Since then the 71-year-old has completed another 12 marathons – the fastest in four hours and 15 minutes, just 20 minutes slower than before his cardiac arrest.
“My [heart] consultant said that being fit saved my neck and the worst thing would be to become sedentary. So I worked my way up and eventually began to trust the device,” he said.
“After a few months you are not even conscious of it and it just becomes part of you.”
In terms of individual risk, much depends on the damage done to the heart before the problem has been identified.
Bolton midfielder Muamba decided to retire on advice from his doctors, but others have continued to play with an ICD – including Daley Blind for the Netherlands national side and his club Ajax.
The rules do vary in different countries.
Eriksen had to leave his previous club, Inter Milan, because the Italian Football Association prevents anyone playing at amateur or professional level with the device fitted.
What about screening?
England’s Football Association has been running a heart screening programme for many years now, along with the England and Wales Cricket Board, Lawn Tennis Association and other sporting bodies.
An electrocardiogram is used to check the heart’s rhythm and electrical activity, while an echocardiogram or ultrasound can look at the structure of the heart itself to see if there are any defects.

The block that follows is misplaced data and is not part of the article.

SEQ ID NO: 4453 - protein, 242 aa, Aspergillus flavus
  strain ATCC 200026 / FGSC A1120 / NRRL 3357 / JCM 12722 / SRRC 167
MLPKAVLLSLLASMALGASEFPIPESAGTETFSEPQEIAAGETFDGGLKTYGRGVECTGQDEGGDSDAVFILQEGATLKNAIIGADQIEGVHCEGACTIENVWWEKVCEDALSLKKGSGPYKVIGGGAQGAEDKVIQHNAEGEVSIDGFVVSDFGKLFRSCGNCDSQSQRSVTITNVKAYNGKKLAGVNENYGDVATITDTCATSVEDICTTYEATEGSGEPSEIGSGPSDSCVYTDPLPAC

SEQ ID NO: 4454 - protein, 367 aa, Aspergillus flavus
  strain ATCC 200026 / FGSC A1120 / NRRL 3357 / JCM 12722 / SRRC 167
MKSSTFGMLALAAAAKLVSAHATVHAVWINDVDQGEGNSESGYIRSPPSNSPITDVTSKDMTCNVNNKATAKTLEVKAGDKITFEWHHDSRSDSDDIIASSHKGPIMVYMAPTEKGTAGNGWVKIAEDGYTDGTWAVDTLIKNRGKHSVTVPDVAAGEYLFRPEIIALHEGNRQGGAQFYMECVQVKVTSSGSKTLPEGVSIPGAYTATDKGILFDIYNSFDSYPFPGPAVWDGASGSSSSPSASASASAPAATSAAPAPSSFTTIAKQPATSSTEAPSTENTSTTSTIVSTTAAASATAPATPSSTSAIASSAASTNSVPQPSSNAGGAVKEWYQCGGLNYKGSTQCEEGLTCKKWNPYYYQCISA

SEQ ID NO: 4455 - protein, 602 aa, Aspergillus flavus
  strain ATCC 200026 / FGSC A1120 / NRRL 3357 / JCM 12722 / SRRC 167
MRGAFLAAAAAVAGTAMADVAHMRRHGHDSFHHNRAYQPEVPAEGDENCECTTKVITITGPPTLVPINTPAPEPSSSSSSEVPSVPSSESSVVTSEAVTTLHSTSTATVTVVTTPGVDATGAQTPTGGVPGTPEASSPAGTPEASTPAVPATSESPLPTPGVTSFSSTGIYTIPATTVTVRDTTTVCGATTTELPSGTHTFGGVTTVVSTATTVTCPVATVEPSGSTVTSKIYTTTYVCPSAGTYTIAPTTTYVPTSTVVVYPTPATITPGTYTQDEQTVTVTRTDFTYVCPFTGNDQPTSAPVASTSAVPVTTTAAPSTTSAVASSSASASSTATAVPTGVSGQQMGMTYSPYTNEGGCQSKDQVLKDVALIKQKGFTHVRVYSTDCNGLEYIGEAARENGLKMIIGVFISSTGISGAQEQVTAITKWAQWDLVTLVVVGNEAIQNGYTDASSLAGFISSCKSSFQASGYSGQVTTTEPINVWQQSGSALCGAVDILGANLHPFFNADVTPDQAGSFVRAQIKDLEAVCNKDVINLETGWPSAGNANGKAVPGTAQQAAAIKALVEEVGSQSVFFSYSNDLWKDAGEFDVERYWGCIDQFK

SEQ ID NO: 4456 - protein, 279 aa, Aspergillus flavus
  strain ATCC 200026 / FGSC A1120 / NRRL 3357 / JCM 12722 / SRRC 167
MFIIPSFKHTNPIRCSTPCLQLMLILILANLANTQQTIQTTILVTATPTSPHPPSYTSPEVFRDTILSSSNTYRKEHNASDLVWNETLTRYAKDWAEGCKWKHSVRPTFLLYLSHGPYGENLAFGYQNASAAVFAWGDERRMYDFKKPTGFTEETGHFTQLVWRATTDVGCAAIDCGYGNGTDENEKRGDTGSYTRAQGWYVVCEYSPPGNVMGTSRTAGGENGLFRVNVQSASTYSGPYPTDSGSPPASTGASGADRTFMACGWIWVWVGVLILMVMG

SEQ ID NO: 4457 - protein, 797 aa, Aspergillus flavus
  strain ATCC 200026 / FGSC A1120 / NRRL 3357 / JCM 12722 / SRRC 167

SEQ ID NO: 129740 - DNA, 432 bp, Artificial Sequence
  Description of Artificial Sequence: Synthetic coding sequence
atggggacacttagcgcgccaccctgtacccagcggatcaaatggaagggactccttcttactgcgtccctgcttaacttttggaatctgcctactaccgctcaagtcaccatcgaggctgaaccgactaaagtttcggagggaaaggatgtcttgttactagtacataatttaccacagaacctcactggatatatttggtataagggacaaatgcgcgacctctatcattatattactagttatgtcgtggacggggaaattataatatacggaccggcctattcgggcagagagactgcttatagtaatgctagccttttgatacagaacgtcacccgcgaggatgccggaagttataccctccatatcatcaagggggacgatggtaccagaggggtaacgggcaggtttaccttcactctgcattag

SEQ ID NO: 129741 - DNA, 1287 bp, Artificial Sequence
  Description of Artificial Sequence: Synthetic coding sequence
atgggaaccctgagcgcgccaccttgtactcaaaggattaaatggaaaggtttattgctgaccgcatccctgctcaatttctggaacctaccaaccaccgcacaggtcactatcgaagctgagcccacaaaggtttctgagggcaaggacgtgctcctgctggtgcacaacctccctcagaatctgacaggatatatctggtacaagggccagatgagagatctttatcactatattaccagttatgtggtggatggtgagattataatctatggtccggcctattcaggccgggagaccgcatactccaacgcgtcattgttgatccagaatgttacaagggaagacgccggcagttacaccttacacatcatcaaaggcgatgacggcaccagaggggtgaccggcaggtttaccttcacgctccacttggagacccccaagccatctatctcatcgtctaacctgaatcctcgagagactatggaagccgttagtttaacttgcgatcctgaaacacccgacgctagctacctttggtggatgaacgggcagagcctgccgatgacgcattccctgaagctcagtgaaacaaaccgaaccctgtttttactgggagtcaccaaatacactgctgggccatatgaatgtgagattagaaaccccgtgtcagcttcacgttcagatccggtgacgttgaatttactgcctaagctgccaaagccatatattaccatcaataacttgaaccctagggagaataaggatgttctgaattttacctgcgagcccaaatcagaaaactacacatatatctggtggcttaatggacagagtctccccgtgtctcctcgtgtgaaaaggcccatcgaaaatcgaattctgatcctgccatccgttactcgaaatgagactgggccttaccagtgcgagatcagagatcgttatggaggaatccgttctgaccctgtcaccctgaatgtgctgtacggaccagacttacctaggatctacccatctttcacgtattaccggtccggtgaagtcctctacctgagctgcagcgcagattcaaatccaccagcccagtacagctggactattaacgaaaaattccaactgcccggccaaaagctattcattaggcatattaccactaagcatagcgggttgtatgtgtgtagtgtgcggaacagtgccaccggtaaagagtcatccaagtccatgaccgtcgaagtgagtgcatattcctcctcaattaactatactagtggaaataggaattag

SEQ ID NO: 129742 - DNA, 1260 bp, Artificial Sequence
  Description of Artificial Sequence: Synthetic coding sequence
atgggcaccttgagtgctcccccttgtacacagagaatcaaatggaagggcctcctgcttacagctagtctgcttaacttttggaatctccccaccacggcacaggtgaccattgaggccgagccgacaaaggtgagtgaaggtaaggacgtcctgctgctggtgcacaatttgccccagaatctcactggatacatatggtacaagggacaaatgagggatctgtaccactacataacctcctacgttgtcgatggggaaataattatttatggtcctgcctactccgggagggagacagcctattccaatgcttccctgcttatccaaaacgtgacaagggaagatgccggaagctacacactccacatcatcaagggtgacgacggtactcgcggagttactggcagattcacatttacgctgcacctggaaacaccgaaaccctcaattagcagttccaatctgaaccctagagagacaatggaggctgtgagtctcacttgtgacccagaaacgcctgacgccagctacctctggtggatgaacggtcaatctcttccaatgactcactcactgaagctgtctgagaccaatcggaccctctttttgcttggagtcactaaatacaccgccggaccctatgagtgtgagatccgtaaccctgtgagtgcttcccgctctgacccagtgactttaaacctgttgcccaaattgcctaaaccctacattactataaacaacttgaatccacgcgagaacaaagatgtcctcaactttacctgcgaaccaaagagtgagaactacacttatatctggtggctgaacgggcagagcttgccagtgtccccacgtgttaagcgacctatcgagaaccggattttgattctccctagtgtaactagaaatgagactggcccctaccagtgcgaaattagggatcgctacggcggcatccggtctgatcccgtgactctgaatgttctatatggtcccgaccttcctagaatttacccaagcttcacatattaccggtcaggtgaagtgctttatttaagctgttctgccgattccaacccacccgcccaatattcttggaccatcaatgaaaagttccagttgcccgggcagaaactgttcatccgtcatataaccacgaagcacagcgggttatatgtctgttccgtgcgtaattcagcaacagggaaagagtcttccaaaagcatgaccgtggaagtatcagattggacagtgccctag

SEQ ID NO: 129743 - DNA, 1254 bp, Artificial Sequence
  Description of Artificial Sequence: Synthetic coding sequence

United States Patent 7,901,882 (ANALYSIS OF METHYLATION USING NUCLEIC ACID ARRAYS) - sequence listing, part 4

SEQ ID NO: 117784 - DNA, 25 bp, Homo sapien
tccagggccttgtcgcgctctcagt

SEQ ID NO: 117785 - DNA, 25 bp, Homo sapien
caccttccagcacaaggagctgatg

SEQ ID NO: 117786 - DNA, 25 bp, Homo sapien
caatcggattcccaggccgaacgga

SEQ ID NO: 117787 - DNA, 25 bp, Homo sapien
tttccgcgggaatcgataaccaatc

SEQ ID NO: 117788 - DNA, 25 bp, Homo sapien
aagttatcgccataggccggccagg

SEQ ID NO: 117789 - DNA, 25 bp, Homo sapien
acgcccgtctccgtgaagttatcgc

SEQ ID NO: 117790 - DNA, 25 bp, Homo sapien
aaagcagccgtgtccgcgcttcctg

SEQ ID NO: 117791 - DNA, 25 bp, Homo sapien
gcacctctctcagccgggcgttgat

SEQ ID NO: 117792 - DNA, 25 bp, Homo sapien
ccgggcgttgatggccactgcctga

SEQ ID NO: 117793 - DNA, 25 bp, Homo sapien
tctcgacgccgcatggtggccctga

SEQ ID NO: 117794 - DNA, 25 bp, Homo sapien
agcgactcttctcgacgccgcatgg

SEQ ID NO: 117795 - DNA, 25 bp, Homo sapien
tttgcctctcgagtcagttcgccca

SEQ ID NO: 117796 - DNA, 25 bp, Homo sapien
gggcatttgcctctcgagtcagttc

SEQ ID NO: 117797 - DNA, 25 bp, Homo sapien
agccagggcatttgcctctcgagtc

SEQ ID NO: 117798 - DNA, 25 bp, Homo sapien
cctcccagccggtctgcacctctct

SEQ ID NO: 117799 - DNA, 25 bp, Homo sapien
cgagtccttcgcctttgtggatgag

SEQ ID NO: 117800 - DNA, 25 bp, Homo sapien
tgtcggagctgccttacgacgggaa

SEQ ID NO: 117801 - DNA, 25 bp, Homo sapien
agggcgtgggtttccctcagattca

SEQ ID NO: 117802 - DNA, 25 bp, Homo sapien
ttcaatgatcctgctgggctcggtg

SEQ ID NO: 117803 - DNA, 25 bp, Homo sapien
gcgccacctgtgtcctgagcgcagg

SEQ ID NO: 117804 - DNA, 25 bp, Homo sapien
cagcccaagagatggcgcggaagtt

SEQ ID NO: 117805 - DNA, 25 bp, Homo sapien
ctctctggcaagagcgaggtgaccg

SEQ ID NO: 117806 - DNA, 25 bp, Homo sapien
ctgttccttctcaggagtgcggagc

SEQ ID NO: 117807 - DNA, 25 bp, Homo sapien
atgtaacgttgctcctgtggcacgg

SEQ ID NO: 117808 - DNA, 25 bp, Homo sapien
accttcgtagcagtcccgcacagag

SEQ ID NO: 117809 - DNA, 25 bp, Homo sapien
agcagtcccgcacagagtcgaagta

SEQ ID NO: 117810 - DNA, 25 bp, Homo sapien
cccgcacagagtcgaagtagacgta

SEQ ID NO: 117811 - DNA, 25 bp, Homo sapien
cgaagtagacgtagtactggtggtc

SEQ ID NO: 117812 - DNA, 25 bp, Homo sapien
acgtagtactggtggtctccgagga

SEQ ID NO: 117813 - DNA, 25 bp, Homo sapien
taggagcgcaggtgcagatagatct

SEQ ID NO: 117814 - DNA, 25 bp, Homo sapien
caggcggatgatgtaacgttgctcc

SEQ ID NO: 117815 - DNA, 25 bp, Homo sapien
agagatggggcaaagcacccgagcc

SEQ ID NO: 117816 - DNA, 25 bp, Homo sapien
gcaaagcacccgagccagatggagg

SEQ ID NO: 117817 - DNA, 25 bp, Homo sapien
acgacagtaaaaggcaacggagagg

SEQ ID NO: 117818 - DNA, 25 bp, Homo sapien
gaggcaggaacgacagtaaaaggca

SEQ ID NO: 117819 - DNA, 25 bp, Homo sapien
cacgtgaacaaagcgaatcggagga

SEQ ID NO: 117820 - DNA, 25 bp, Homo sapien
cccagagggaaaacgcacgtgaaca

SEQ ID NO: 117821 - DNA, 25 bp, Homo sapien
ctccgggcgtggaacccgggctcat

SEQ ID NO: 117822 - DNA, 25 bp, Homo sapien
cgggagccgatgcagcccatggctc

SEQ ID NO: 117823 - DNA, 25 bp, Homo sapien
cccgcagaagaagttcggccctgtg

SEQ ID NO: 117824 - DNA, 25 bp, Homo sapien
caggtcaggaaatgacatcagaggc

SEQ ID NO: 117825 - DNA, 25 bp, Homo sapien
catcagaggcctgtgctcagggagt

Every player at England’s 92 Premier and Football League clubs is now tested when they sign their first professional contract, and again at the ages of 18 and 20.
A study led by a team at St George’s, University of London, and published in 2018, found that roughly one in every 260 adolescent players screened was found to have a condition which could put them in danger of sudden death. Those identified can often be treated or given lifestyle advice to try to reduce their risk.
“I am an avid supporter of [heart] screening but, just like breast cancer screening, it cannot detect all cases or prevent all sudden cardiac deaths,” said Dr Papadakis. “And that’s where the emergency response planning and defibrillators come into play.”